After the recent contentious fight over New Jersey’s new state budget, Governor Phil Murphy is now hoping to work with New Jersey legislative leaders to get approval of some of his top priorities by the end of the year.

Murphy says gradually boosting New Jersey’s $8.60 an hour minimum wage to $15 is one of things he wants lawmakers to pass.

New Jersey Governor Phil Murphy has not decided yet whether he’ll sign a bill that would impose a 5-cent fee on plastic and paper shopping bags.

Murphy says he’s still considering the measure that would raise an estimated $23 million

for lead abatement programs.

“There was a sense because we didn’t include it in the budget that we had come out negatively on it. We didn’t include it in the budget because we felt like we had not had the time to assess it and really analyze it.”

Governor Phil Murphy says New Jersey is taking steps to phase out controversial  PARCC standardized testing.

Murphy says beginning in the upcoming school year the New Jersey Education Department will reduce the length of the tests in all grades by 25 percent.

“The Department will also ask the New Jersey State Board of Education to simplify and reduce the assessments necessary for high school graduation from six assessments to two, retaining only Algebra 1 and English Language Arts 10 as the two assessments.”

Benoit Rousseau

Maison Symphonique is like Dr Who's TARDIS. Bigger on the inside.

I remember when the upper right corner of Place Des Arts was a mostly empty and small plateau. There were stairs up from the street. There were amusements for kids. And then they built a large concert hall in that corner.

Blond wood everywhere, wooden seats, wooden slats in the walls, an enormous array of silver-grey organ pipes above the stage. And with acoustics perfect for singers.

John Abbott

Monument-National is about a block from Place des Arts on Boulevard Saint-Laurent. When I first came to Montreal, the corner of the block was virtually red-lighted. Sexy lingerie shops. Sexy porn shops. And actual sex for sale.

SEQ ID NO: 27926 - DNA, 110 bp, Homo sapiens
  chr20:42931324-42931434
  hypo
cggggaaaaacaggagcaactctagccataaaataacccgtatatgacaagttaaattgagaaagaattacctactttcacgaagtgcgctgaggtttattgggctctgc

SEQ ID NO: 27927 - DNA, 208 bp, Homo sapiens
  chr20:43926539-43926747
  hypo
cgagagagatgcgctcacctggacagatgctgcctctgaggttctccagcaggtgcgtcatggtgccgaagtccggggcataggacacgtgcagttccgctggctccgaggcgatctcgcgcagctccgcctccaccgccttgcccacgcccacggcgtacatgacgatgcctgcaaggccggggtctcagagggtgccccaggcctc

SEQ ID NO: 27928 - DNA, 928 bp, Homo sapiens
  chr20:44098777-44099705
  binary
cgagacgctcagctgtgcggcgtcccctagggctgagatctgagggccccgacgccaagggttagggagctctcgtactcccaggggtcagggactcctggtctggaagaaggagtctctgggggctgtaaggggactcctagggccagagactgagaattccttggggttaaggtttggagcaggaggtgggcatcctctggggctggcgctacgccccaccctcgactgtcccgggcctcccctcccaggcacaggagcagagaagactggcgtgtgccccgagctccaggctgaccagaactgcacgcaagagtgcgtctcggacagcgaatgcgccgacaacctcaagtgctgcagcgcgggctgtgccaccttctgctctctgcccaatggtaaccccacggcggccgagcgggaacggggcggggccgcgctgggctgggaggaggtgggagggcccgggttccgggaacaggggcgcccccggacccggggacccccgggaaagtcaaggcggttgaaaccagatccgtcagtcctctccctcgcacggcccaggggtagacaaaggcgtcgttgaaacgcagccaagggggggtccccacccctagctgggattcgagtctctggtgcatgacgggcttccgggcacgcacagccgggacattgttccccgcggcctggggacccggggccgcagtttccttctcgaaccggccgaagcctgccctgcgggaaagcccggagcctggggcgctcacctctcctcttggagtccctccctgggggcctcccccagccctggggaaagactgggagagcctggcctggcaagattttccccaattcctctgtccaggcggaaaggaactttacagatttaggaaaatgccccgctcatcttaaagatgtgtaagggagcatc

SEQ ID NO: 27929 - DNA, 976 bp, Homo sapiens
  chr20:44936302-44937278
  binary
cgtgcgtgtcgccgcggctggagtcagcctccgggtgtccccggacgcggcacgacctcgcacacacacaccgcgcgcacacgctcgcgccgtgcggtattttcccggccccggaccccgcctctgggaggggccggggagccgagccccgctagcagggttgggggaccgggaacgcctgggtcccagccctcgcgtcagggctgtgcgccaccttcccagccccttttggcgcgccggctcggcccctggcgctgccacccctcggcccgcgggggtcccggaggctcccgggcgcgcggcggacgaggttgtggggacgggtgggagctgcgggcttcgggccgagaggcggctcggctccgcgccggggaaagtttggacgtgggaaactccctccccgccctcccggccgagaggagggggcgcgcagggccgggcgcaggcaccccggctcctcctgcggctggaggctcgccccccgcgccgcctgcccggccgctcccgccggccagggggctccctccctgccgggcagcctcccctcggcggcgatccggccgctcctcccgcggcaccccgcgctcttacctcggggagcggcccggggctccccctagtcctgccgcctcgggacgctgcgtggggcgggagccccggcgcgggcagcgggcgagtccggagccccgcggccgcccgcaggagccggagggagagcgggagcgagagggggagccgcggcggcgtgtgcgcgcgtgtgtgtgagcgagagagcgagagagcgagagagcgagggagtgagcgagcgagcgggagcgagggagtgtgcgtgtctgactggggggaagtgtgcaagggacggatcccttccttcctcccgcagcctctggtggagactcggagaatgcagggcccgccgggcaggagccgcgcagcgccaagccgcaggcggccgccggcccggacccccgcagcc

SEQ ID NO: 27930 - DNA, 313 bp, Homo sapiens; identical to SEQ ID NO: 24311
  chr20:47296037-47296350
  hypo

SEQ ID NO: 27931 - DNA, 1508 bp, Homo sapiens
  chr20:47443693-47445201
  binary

Janis Siegel of the Manhattan Transfer and Lauren Kinhan Kinhan of the New York Voices host concerts they call “Vocal Mania” every month at the Zinc Bar. Lauren sings. Janis sings. They welcome friends to sing. 

Bela Fleck and the Flecktones
Valeriegay Bessette for FIJM

The Montreal Jazz Festival every year presents awards named for some of the greatest artists who've played at the festival. All of the awards were created to celebrate an artist's life's work.

I couldn't see all of the awards shows this year. Some of the shows were happening at the same time. George Thorogood, honored with the BB King Award for a blues artist, was playing down the hall from Bela Fleck and the Flecktones, honored with the Miles Davis Award for an international musician whose work and influence the jazzfest acknowledges as "regenerating the jazz idiom."

The Gesu
David Tallacksen for WBGO

"Gesu" is an Italian name for Jesus. "Le Gesu" is the name of the Jesuit church near Place des Arts in the heart of Montreal.

"The Jesus?" I wondered.

Marc-Andre shrugged and laughed. "The whole name is Le Gesu--Centre de creativite."

He's been a festival friend for years. Now he's the major domo of the arts center at the church -- which includes a theatre down below that seats 240 or so fest-goers -- which includes me throughout Festival International de JAZZ de Montreal.